Keep it Real

The US presidential elections are over, Barack Obama has made history once more in his ongoing series of firsts, taking down age-old barriers and prejudices. He has excited, motivated and brought hope to millions of Americans and people all over the world with a simple but powerful message of unity, sacrifice, service and hope. He built his entire message on the premise of change - change from politics as usual; change from the divisiveness of the cultural and ideological wars fought out of Washington; change from a government that believed its own lies; change from the subversion of science; change from unilateralism in international affairs … as complete a break with the recent past as is practically possible.

Obama built a message of change straight from his heart, a message that reflected his life, temperament and values. He delivered it through stirring speeches that hardly left anyone indifferent. The message bore exhortations that have echoed throughout the world and generated powerful reverberations that moved massive crowds of sometimes weeping supporters and followers from a broad range of backgrounds and demographics. It has shattered long-held prejudices and showed how the human spirit can triumph over the world as white voters joined hands with blacks, Hispanics, Asians, Christians, muslims etc... and carried the first African American to the US Presidency. It is a powerful reminder of who we really are and the dominance of faith over doubt, hope over fear and love over hate.

Pundits and analysts are already busy dissecting what went wrong for Senator McCain and why Obama won. Of course, many things happened to produce that result but two things that struck me very much about the McCain Campaign are the lack of a core message and the absence of authenticity.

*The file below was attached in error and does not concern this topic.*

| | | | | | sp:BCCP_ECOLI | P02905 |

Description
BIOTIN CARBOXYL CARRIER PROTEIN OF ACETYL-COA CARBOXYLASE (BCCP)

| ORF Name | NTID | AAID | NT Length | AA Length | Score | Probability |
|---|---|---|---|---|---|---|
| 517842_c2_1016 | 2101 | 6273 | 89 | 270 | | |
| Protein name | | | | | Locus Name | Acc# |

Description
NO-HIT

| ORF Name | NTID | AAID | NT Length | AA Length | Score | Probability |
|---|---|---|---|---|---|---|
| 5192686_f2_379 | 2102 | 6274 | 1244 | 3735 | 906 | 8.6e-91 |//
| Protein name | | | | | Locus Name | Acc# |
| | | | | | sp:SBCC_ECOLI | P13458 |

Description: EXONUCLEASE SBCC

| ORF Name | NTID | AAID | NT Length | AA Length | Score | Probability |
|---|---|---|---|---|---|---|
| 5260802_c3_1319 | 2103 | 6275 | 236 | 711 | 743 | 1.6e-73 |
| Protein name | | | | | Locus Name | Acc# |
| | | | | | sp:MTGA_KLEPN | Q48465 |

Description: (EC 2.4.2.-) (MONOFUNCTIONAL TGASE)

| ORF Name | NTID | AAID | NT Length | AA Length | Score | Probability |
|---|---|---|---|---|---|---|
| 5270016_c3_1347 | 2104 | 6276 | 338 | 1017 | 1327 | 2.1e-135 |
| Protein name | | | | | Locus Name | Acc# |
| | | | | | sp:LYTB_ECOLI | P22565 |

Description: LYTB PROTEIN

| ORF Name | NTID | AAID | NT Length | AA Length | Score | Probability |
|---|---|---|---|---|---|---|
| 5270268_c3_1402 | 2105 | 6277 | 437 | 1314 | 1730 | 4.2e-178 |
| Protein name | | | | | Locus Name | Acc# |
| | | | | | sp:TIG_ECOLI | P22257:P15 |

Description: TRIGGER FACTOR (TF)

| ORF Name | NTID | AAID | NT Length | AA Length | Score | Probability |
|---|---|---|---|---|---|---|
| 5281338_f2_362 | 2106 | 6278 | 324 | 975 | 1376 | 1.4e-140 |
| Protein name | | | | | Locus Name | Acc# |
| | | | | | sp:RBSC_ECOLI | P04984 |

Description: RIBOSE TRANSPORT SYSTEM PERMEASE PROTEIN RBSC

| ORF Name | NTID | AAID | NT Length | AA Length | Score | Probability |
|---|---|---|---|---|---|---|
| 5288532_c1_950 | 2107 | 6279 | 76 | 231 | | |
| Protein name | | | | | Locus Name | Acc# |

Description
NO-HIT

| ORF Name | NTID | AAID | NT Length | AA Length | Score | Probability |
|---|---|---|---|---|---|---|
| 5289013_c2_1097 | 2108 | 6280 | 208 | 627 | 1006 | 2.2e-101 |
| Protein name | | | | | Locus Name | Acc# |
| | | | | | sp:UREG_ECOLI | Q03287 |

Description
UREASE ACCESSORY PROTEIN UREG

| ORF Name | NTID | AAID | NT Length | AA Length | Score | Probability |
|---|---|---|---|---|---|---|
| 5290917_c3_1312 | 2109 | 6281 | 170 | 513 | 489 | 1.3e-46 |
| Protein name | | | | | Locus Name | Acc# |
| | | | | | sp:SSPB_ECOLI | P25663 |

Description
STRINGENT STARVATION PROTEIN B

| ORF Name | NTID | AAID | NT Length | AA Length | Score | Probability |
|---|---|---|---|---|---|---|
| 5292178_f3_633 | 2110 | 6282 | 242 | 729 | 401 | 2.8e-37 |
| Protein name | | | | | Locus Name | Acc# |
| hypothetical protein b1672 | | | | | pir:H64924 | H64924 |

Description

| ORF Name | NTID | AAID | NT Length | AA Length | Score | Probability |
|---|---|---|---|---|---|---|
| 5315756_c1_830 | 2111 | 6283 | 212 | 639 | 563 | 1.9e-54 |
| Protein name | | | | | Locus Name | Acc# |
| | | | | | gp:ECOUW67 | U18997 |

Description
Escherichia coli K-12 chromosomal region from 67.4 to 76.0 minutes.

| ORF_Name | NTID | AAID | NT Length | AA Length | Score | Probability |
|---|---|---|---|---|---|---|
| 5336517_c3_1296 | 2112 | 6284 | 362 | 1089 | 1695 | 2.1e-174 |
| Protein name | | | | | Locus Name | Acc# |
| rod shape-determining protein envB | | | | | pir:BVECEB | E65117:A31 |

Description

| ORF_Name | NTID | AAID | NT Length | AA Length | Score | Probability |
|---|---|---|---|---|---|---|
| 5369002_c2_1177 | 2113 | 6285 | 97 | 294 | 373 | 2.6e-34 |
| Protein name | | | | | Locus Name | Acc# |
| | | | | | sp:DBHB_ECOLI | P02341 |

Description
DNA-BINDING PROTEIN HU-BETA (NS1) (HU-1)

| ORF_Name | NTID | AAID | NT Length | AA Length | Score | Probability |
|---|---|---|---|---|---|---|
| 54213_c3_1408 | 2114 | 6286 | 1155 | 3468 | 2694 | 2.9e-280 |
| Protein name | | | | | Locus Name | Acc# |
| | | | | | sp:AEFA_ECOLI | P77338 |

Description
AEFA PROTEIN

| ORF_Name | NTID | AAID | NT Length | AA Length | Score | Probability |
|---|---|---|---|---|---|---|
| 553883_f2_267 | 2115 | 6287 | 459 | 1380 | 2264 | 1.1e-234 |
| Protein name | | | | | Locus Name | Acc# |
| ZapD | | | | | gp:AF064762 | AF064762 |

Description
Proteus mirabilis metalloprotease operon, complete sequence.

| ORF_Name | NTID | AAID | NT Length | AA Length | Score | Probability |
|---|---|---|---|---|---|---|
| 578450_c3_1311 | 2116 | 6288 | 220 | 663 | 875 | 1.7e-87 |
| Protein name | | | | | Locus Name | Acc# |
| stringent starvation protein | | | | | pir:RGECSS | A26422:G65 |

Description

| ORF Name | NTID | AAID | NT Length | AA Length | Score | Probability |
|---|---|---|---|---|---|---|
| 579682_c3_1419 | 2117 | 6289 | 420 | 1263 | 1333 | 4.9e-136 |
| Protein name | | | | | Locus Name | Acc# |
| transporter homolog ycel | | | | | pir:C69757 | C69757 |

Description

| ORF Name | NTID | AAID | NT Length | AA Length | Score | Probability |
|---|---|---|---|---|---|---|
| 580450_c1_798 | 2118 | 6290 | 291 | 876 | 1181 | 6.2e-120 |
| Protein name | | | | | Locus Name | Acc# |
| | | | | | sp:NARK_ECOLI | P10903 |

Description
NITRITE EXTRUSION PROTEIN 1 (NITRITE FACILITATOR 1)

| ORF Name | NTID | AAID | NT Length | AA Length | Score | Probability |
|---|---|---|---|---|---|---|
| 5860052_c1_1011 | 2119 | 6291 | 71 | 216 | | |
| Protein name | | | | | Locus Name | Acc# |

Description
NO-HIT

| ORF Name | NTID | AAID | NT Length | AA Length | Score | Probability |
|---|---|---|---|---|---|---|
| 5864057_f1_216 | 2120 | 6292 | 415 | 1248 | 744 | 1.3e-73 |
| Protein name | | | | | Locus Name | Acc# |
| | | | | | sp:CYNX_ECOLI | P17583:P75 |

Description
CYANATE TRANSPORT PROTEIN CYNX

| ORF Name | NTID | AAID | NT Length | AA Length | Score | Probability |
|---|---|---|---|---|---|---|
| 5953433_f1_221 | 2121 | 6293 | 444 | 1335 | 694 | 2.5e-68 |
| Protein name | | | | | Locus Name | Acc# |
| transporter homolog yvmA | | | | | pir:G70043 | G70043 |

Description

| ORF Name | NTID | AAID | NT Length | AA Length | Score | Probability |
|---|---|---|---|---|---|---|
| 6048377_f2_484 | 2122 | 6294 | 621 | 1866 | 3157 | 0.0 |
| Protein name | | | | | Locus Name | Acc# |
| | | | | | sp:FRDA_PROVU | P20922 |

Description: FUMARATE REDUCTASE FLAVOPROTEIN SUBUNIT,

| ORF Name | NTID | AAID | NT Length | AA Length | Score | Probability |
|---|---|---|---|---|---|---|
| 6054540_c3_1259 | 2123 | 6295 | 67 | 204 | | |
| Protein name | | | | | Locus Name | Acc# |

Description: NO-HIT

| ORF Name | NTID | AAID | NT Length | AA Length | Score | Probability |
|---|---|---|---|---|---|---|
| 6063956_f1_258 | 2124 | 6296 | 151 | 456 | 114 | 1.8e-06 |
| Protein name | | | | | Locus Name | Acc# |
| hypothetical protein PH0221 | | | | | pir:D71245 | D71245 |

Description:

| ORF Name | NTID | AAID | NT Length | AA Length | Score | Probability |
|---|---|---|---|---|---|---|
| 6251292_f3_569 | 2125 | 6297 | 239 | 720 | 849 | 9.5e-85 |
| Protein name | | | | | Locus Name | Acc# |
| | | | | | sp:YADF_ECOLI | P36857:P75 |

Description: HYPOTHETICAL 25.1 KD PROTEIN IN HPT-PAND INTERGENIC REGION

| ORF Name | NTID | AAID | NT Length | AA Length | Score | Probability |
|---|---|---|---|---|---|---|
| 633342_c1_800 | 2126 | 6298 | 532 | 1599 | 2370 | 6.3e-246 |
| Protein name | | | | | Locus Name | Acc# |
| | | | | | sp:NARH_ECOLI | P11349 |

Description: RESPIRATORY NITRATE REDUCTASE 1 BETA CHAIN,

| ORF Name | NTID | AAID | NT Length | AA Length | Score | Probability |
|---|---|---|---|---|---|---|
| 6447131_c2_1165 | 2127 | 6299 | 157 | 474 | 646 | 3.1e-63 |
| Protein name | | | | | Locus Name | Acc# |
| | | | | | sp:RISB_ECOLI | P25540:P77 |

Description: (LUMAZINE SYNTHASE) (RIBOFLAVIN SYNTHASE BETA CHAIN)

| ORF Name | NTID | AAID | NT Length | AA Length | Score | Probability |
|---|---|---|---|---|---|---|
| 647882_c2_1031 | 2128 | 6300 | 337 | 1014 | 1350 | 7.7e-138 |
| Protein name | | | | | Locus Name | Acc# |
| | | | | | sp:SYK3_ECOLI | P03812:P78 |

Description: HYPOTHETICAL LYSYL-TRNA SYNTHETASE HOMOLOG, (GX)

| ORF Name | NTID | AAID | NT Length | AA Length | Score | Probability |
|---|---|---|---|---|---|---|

The McCain campaign seemed to be working purely from a tactical playbook with no overarching strategic framework holding it all together. This explains the lack of a central theme but it also means that they could only react to events and adopt an opportunistic posture during the race. In an election environment where the number of variables and imponderables is almost unlimited, voters look for steadiness, stability and vision in their leaders. The leader must ride the stormy seas with confidence, purpose and a strong sense of direction. These are all very difficult, if not impossible, to have when one lacks a strategic framework within which to operate.

The consequences are clear for all to see: the nomination of the Vice Presidential Candidate, the abrupt and pseudo-suspension of the campaign, the decision not to participate in the second debate, the reversal of that decision, the rapid fire movement from one theme to another, the insistence on negative campaign tactics and personal attacks on the opponent in the face of overwhelming evidence of their ineffectiveness, etc.. In this total muddle, the Obama Campaign gave the word “erratic” a whole new significance as it sought to define the performance of Senator McCain. Things got so bad that every move the McCain Campaign made only played into and reinforced that narrative. As the Obama campaign grew its candidate and his change message into a brand, the McCain Campaign lurched from one theme to another, cycling through inexperience, Bill Ayres, ACORN, socialism, even communism, Joe the Plumber…They were just all over the place. The contrast in the leadership styles got sharper every time and the results simply reflected that.